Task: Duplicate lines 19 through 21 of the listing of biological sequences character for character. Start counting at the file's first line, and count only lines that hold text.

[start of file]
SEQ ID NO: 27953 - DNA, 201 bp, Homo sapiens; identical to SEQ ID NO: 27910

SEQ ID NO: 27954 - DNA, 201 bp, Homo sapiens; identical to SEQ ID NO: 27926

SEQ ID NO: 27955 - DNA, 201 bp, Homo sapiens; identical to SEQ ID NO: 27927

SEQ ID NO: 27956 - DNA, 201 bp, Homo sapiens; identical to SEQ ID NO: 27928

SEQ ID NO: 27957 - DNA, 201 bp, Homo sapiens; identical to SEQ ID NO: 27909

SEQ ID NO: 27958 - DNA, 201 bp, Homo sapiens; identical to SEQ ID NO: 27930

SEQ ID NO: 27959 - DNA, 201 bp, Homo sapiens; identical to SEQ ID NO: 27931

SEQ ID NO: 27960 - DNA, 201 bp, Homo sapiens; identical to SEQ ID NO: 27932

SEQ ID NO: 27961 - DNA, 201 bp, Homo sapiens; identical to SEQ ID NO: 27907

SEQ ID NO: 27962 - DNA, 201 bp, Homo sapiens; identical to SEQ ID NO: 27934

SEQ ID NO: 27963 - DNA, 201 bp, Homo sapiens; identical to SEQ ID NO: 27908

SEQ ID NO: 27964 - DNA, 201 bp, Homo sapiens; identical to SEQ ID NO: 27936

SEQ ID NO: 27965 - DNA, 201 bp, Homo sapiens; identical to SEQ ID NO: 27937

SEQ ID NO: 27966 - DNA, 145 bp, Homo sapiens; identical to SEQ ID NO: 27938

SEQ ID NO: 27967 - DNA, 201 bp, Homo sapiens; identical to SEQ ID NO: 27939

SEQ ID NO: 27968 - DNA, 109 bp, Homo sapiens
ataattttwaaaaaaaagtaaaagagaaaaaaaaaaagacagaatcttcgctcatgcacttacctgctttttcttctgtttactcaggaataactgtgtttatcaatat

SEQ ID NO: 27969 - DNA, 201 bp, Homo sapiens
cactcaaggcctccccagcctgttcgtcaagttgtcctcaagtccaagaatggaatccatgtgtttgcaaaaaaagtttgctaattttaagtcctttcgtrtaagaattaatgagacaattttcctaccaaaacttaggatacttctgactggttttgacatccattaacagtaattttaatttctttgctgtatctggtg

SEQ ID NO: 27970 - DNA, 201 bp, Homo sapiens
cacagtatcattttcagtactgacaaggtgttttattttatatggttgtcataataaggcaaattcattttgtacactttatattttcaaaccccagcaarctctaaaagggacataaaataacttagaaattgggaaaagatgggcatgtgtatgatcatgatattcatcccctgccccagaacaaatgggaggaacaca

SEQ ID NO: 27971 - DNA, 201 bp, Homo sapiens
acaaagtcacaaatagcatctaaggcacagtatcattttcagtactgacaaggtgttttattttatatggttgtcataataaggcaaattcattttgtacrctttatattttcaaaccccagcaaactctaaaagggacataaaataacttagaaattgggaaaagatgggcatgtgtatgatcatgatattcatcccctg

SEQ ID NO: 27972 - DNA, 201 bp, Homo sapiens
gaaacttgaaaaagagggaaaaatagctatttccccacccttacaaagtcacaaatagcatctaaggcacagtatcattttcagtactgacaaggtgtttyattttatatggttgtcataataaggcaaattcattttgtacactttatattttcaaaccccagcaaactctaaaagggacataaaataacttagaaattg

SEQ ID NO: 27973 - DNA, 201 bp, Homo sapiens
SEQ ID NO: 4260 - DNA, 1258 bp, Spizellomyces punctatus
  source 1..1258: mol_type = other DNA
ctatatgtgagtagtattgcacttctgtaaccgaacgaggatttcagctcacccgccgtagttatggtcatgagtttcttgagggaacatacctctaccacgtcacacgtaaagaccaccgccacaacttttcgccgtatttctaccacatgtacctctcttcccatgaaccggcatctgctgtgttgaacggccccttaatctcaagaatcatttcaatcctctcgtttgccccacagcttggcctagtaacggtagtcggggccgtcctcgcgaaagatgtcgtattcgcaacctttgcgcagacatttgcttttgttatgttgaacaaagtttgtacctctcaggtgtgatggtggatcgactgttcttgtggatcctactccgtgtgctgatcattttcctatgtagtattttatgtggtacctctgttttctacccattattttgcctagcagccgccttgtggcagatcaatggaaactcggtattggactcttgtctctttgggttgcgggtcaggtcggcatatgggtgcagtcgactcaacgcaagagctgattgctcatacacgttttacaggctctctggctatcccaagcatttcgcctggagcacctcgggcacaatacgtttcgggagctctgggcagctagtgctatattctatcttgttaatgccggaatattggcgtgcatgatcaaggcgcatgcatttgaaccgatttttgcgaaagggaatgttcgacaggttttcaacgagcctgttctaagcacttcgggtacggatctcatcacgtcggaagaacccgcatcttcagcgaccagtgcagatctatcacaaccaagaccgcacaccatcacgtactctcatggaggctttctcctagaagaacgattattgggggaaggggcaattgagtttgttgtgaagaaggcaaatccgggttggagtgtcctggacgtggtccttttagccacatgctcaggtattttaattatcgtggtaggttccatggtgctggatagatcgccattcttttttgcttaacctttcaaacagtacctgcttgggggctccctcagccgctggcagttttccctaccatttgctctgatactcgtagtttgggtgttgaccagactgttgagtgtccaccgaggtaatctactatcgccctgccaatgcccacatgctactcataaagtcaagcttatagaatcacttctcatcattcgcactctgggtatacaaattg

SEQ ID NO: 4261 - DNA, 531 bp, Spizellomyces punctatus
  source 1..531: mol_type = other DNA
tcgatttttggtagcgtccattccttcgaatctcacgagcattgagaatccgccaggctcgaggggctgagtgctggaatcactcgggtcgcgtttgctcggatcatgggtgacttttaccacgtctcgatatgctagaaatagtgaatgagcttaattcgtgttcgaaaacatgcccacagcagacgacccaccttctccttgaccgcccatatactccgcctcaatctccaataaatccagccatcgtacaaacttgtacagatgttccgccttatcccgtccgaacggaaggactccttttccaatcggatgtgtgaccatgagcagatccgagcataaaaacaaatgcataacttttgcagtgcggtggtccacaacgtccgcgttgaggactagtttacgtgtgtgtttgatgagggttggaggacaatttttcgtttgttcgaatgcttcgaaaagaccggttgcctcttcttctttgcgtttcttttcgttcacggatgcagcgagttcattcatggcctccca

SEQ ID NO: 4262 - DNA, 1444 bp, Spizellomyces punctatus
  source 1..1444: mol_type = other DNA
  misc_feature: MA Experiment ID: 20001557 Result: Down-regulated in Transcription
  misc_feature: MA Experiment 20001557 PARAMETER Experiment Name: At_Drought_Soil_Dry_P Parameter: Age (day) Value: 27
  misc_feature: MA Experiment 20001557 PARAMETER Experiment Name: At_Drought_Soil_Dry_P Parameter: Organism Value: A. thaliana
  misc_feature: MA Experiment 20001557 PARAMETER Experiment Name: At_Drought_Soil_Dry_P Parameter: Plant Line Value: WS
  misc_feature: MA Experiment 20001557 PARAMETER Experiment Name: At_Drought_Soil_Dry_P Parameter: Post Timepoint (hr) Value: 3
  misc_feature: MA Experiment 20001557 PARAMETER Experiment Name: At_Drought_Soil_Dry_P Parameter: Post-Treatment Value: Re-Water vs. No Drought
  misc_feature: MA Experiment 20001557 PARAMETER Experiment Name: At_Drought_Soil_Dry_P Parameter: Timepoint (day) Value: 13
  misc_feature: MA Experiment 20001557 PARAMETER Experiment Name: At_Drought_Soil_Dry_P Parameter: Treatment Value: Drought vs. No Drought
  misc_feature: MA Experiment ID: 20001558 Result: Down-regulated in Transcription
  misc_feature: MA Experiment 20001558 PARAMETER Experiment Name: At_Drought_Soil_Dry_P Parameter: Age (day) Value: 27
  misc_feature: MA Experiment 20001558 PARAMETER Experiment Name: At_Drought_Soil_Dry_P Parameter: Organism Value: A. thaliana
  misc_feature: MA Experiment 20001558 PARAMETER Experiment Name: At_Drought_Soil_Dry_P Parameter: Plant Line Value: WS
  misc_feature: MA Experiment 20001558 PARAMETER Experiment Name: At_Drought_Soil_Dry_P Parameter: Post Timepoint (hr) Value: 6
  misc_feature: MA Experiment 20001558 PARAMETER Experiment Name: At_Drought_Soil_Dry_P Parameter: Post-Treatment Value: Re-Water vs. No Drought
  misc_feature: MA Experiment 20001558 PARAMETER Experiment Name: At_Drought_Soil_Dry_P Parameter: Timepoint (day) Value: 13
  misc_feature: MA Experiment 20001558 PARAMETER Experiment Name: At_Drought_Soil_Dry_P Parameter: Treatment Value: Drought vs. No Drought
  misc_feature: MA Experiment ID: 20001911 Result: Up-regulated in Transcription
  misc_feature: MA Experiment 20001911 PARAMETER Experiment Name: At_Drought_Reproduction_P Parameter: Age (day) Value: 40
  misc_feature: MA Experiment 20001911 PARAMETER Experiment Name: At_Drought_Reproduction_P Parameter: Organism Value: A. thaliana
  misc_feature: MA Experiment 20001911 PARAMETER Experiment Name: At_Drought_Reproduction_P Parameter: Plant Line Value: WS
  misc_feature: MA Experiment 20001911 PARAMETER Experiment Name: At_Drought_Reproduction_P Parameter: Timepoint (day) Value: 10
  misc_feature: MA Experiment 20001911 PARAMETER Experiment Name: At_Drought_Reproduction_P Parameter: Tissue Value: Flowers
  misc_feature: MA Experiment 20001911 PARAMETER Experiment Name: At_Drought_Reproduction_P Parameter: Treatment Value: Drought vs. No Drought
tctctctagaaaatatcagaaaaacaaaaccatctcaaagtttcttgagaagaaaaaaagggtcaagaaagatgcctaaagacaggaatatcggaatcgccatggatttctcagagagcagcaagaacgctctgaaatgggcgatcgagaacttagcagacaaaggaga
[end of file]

cactcaaggcctccccagcctgttcgtcaagttgtcctcaagtccaagaatggaatccatgtgtttgcaaaaaaagtttgctaattttaagtcctttcgtrtaagaattaatgagacaattttcctaccaaaacttaggatacttctgactggttttgacatccattaacagtaattttaatttctttgctgtatctggtg

SEQ ID NO: 27970 - DNA, 201 bp, Homo sapiens
cacagtatcattttcagtactgacaaggtgttttattttatatggttgtcataataaggcaaattcattttgtacactttatattttcaaaccccagcaarctctaaaagggacataaaataacttagaaattgggaaaagatgggcatgtgtatgatcatgatattcatcccctgccccagaacaaatgggaggaacaca